A form of reporting which deals in events and statements which can be checked against sources and are presented free from comment, or else separated from any comment is objectivity. It involves the truth criteria accuracy and the intention not to mislead or suppress what is in good faith and relevance.

Reporting both sides and having a neutral point of view are the qualities of broadcast journalism being an objective. With the expectation that media provide information of reasonable quality and thus, however, provides rather follows a normative foundation. Its mean features include the neutrality towards the object that is being reported by them, well of course in the absence of personal involvement, telling what is truth and not taking sides or showing biases. Reporting practice and its ideal standard has become a dominant role of the journalist as a profession. The freedom to report can only be obtained in return for a guarantee of objectivity.

Furthermore, objectivity is achieved through the use of the historical method, and peer review is essential to objectivity in all academic fields. Objectivity of approach is important in the social sciences and in decision-making processes which affect groups of people. Taking an objective approach to an issue means having due regard for known relevant facts and rules, attempting to attain as much information as possible and discounting appeals to personal feelings in the reasoning process. If relevant evidence is omitted, an objective approach to an issue may be compromised.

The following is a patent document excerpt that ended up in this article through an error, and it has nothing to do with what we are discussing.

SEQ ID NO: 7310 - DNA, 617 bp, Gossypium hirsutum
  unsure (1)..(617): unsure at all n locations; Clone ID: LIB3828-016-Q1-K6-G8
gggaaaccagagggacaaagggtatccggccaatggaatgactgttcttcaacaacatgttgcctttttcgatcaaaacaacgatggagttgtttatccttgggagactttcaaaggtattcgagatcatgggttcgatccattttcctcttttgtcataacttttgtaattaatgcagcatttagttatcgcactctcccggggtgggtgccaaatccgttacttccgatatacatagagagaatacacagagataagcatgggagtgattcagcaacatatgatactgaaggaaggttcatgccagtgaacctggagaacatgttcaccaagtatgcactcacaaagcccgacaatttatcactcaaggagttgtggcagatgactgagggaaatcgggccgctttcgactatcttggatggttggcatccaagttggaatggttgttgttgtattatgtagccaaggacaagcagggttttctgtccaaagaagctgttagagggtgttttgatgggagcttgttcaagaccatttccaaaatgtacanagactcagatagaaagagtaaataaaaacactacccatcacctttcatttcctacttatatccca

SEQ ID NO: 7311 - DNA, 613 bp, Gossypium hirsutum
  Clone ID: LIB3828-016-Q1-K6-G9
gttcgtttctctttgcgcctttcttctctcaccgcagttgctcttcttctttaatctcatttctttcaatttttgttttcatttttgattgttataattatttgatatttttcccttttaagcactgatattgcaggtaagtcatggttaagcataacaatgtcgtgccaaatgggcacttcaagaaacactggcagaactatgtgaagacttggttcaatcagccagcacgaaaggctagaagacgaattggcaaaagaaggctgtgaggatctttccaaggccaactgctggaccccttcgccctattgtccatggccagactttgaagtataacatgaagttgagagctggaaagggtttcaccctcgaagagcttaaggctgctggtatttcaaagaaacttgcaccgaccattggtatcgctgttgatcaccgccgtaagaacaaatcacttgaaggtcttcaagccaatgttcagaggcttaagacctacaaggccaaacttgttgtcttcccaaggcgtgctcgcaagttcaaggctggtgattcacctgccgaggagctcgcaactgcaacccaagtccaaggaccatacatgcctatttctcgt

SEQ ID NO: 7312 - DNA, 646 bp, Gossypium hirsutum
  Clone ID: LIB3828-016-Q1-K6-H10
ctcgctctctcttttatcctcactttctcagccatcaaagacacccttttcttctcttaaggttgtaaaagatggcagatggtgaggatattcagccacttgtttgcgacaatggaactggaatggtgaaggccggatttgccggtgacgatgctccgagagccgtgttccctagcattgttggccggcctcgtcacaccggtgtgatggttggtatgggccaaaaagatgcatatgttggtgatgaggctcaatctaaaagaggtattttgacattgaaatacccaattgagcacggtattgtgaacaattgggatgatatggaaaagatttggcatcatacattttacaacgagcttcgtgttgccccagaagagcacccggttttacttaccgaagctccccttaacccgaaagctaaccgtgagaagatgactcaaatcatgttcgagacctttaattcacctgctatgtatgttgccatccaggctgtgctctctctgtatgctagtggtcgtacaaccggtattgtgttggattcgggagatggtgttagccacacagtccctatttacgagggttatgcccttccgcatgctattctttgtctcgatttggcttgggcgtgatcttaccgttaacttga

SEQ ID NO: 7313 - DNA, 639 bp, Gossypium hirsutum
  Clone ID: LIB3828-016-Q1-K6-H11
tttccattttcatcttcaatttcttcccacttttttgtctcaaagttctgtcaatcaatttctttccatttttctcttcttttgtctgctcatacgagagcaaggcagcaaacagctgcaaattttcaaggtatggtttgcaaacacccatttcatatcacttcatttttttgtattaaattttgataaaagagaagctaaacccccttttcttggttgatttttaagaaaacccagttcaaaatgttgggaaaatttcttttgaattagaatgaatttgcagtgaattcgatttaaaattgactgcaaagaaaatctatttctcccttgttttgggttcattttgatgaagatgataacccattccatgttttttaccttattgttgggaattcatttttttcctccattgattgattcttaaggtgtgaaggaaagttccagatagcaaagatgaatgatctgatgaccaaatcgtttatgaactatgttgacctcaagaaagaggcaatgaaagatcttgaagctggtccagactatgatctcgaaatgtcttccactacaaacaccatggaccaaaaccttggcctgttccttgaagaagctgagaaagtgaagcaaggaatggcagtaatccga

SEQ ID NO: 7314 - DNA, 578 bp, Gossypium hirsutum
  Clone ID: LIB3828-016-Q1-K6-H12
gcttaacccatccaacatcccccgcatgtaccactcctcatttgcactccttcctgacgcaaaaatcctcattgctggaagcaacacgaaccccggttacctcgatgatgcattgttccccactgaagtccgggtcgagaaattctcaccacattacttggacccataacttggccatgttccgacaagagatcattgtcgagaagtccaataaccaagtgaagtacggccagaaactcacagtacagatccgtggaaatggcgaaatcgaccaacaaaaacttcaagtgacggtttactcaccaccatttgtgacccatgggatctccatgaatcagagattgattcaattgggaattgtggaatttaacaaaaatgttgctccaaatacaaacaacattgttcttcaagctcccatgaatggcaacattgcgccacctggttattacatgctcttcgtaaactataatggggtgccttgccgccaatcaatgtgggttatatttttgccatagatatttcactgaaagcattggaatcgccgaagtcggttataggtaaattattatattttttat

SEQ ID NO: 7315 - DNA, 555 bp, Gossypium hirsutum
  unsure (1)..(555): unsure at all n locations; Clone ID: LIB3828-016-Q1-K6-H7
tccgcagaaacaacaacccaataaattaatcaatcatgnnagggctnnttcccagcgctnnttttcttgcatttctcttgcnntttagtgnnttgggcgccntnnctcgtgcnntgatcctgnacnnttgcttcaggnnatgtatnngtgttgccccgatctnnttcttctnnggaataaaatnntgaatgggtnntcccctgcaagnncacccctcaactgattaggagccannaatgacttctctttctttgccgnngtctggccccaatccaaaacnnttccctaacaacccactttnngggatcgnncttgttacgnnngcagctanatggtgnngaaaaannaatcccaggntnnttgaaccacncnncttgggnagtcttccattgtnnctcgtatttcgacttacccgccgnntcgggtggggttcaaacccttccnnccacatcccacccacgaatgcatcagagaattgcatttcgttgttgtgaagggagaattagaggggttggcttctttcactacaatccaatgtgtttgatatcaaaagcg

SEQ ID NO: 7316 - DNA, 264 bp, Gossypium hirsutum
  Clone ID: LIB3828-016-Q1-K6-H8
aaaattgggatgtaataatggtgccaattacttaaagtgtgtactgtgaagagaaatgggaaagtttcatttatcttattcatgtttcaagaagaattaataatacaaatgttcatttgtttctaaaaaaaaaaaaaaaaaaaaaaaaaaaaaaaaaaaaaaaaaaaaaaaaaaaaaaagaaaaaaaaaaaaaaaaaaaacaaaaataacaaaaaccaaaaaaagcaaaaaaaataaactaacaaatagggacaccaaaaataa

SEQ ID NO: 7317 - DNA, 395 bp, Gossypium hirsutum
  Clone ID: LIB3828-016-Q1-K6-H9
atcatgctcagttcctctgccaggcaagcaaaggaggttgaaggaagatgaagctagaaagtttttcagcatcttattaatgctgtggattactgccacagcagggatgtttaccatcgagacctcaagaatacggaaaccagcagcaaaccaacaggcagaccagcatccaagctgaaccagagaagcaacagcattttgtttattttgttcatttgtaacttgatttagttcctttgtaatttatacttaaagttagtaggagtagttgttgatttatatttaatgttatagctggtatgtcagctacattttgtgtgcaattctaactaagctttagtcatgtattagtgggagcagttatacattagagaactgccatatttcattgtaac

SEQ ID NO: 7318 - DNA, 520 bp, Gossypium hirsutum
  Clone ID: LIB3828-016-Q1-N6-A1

The concept of objectivity in philosophy does not necessarily entail notions about a neutral point of vie, as the term is defined and prescribed. A neutral point of view is not to personally take a point of view that is to represent all sides of the story without personal observation and conjecture.

Objectivity as a method of philosophy is dependent upon the presupposition distinguishing references in the field of epistemology regarding the ontological status of a possible objective reality and a state of being objective in regard to references towards whatever is considered as objective reality. In other words, what is real and how do we know we infer about the real is true. Inherent to the distinction is a paradoxical notion that despites the various meanings or definitions assigned to the concept by various disciplines, schools of thought or individual philosophers, ultimately there is the body of knowledge referred to which is considered representative of a single reality.

Questions about objectivity are central to the different branches of philosophy. Philosophers debate what might be a definition of objectivity and how if all we can ascertain the truth or contest that the concept of objectivity can be defined at all. Proposed answer may vary by subject matter. Empirical evidence based on observations and experimentation in the physical world is conducive to the verification of scientific judgments and adherence to the rules of deduction and the process of inductive reasoning implements the determination of the validity and the soundness of scientific arguments and conclusions.

Objectivity requires a fair and non-discriminatory attitude to sources and to objects of news reporting, it should be treated on balance and equal terms. However, if the different point of views on matters where the facts / evidence are in dispute, it should be treated as of equal standing and relevance, then other things being equal. Objectivity gives their own news product a higher and a wider market value because its standard has a wide currency, policies in broadcasting is a concern for objectivity and sometimes a condition of their independence. It also recognizes with values as well as the facts that have evaluative implications.